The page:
It all started Friday. Maddie had an upset stomach right before her swim therapy. I didn't think much of it, because the kids had chowed down on the V-day cookie cakes we made for Chris the night before. The cramping continued during her lesson, so we cut it short. (Sadly, the Times Picayune chose that particular day to shoot for a story on aquatherapy, and Maddie was who knows what those pics will look like) Anyway, by Saturday afternoon she was running a low fever. I gave her some Motrin, and she seemed fine for the rest of the day. That night, things went downhill fast. She got really irritable, spiked 103 fever, and wanted to be held. Then she started complaining about pain in her neck. She didn't want to move it...wouldn't let me touch it...started sobbing when I shifted her on the sofa. She was in serious pain. Now I know just enough about meningitis, to know that fever and neck pain can be no joke. I made a few quick calls, and everyone agreed we should go to the ER. This was the first ER trip we've ever made for either of our kids.

We got to Slidell Memorial around 10:30 that night. The last dose of Motrin was kicking in and she was coming down from the fever. She was smiling and chatty again, so the doc quickly ruled out meningitis and shunt failure. They tested for flu, strep, and uti...all negative. As we were preparing to leave, I noticed a red mark peeking out of the top of Maddie's jammies. I asked about it, and we decided she must have scratched herself when thrashing about during the tests. We were sent home with Rx for antibiotics, and told she had pharyngitis. Relief.

Sunday we started the antibiotics, and continued to treat fever. I took Mason to a couple of birthday parties, while Chris stayed home and Maddie slept. When I came home Maddie was on the sofa, pale and miserable. She wanted to lay on me, but wouldn't let me touch her neck or chest area. The Motrin wasn't bringing the fever down, so I decided to give her a cool bath. That's when I saw the red mark again. It was longer, red and inflamed. I brushed my hand over it lightly as I washed her, and she screamed. It was a quick pass, but just long enough for me to feel the tubing of her shunt underneath. My heart dropped. I snapped a few pictures, and quickly called the ER back. I sent the pics to our doctor's phone, and he called back quickly. He suspected cellulitis, possible shunt infection, and asked how quickly could we get to Children's Hospital? Panic.

We raced here, and they began tests immediately in the ER. To say I was a nervous wreck is a huge understatement. I was nauseous, weak, and finding it really difficult to breathe. A full blown panic attack, that seemed to last the entire night. The redness was spreading. The ER doc had drawn a circle around the perimeter of it, and now it was creeping past those inky lines.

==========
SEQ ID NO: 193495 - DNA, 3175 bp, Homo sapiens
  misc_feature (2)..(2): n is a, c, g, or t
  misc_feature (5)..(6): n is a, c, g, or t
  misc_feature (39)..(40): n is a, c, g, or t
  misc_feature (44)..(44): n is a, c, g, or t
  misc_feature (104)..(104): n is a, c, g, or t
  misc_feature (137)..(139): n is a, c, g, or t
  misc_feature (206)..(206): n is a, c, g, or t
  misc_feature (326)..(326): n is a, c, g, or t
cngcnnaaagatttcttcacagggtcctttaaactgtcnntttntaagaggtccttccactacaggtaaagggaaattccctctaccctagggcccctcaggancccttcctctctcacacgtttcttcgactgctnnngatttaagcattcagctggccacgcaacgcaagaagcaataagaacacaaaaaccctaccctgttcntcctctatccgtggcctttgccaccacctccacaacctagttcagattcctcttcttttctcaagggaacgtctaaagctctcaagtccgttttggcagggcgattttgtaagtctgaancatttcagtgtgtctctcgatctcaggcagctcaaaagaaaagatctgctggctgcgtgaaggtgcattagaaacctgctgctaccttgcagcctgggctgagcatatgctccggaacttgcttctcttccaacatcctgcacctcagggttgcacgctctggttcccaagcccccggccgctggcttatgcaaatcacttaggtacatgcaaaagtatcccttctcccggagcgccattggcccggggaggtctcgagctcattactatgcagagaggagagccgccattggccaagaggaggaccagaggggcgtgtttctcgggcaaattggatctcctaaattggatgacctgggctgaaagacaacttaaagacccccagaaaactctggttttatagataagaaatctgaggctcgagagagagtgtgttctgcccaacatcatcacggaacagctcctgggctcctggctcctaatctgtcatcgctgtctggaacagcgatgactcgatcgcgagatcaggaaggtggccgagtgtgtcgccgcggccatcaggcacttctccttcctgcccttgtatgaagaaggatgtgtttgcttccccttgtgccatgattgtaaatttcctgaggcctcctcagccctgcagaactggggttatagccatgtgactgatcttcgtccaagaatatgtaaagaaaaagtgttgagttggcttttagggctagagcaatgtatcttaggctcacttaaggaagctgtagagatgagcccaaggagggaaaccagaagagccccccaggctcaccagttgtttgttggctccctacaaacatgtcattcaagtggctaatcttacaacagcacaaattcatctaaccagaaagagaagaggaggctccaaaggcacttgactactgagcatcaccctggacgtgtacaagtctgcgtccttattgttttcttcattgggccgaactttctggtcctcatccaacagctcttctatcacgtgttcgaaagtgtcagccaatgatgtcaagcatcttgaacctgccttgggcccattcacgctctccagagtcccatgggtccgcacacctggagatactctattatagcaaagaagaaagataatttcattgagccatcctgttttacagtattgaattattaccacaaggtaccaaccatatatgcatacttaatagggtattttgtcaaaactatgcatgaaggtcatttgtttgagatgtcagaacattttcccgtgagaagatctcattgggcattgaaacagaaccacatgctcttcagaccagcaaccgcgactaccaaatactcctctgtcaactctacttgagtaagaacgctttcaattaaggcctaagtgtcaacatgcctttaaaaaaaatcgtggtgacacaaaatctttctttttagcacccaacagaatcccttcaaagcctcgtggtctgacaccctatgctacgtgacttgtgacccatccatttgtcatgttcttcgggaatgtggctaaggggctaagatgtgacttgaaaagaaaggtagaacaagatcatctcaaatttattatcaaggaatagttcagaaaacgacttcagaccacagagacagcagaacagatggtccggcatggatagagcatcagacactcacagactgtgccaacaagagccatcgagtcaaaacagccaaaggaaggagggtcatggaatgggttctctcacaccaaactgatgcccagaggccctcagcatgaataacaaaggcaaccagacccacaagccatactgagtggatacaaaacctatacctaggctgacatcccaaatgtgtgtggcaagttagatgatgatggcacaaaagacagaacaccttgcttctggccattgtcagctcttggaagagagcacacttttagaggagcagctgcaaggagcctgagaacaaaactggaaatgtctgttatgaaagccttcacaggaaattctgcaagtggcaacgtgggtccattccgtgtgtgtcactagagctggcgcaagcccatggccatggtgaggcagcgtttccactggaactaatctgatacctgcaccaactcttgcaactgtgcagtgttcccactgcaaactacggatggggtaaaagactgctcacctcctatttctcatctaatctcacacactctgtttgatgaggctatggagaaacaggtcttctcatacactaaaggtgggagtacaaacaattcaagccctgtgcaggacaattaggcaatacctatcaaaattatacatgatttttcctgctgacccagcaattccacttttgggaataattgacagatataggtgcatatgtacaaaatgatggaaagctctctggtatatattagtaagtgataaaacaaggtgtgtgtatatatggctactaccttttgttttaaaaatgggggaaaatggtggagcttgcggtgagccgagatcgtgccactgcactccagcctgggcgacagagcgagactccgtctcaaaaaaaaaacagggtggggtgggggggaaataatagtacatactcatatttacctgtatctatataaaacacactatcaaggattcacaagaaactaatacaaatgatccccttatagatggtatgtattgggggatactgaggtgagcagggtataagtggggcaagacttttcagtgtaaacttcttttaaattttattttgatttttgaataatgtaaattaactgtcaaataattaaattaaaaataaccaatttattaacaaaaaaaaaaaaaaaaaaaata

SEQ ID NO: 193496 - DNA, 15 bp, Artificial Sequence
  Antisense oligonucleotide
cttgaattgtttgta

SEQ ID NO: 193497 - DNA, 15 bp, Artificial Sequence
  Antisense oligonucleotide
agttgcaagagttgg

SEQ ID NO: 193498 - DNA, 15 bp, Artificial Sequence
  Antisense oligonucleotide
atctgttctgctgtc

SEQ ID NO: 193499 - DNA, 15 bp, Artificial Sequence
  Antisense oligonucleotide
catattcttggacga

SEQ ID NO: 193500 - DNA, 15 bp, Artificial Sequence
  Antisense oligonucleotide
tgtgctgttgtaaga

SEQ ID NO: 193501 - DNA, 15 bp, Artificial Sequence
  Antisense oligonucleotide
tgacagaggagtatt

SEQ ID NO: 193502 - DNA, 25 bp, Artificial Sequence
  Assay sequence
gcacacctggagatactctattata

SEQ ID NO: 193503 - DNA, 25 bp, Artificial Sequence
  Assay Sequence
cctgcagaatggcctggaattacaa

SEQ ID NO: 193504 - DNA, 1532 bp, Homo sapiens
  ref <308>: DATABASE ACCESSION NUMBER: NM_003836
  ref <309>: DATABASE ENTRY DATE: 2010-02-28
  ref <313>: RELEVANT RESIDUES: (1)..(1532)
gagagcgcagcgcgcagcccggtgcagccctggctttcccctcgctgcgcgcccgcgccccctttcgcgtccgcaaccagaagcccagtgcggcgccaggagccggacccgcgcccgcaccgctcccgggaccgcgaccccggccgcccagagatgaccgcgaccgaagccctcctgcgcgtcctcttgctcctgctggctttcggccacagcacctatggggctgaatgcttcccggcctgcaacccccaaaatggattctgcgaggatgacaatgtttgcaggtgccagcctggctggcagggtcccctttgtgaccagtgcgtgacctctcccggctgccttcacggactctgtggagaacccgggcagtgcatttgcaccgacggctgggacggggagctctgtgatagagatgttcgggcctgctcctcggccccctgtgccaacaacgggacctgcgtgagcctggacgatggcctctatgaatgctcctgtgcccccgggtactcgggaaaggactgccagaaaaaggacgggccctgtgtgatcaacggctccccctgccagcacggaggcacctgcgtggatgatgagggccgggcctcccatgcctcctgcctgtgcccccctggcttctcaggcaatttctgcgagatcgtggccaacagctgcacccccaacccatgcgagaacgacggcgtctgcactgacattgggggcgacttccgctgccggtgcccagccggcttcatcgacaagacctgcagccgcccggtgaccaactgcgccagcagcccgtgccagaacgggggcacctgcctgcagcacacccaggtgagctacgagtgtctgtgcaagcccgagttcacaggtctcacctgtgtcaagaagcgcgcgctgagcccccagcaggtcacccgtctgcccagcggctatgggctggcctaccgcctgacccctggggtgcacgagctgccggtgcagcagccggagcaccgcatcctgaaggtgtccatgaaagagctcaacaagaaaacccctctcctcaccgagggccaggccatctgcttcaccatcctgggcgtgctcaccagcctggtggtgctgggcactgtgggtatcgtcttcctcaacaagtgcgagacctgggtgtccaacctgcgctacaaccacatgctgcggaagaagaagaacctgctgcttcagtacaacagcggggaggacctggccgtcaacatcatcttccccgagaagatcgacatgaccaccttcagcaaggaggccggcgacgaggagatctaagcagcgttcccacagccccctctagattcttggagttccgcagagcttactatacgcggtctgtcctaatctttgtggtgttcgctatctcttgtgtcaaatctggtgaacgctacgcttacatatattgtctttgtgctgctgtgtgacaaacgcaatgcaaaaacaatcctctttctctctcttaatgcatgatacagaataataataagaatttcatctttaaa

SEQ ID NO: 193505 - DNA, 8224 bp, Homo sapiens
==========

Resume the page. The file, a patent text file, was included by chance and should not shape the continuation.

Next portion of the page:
Monday morning, new spots of red had appeared, like a little trail down her tummy, right along the shunt track. The neurosurgery team came early, and tapped the shunt. This was alot worse for me than for her. Unlike the IV experience, Maddie did not seem to feel the needle being inserted into her scalp. She held still and talked to the nurse about her favorite princesses. I held my breath the entire time. They were able to extract the tiniest amount of fluid...and those precious drops have been the topic of much discussion since then. It takes a full 48 hours to determine bacterial growth, and so far nothing has happened. White cells were detected, but no new growth, so it's still possible this thing hasn't gotten to her shunt. Obviously, everyone is baffled as to how and why it would present as a red streak right down the shunt track...but the consensus is, if she looks well clinically speaking, and the test comes back clear, we won't question it. If it comes back positive for bacterial growth, we have lots more to talk about. The shunt would need to be externalized, she would need to be cleared of infection, and a new shunt placement would occur. We'll cross that bridge if or when we get there. For now, no news is good news...and we've heard nothing from the lab.

Today was a good day. Maddie was in great spirits most of day, and had no fever. We were able to take a couple of walks today, and she was so happy to be out of bed. Her appetite was back, and the best news is the red marks down her chest and tummy are diminishing! It's getting better, and I am praying tomorrow will be great news from the lab. If all goes well, we should be talking about going home soon...and I really hope we will.

This has been hard. I just posted about how great things have been, and how normal our routines have gotten, when out of nowhere comes this...and I couldn't feel less normal than I do right now. My heart breaks for all my friends out there who have been through this, and so much worse, many times over. There is nothing worse than seeing your child in pain, and suffering, and feeling helpless to do anything about it. It's excruciating to see Maddie poked, and prodded, tested, and stuck, and hear her beg me to make them stop. I want this to be over soon. I'm tired, and I want my girl back. Please continue to keep her in your thoughts and prayers...Your love, support, and encouragement have been overwhelming, and have truly lifted our spirits throughout this ordeal. I am amazed and humbled by the number of people lifting us up in prayer...we feel it, and we are grateful beyond words.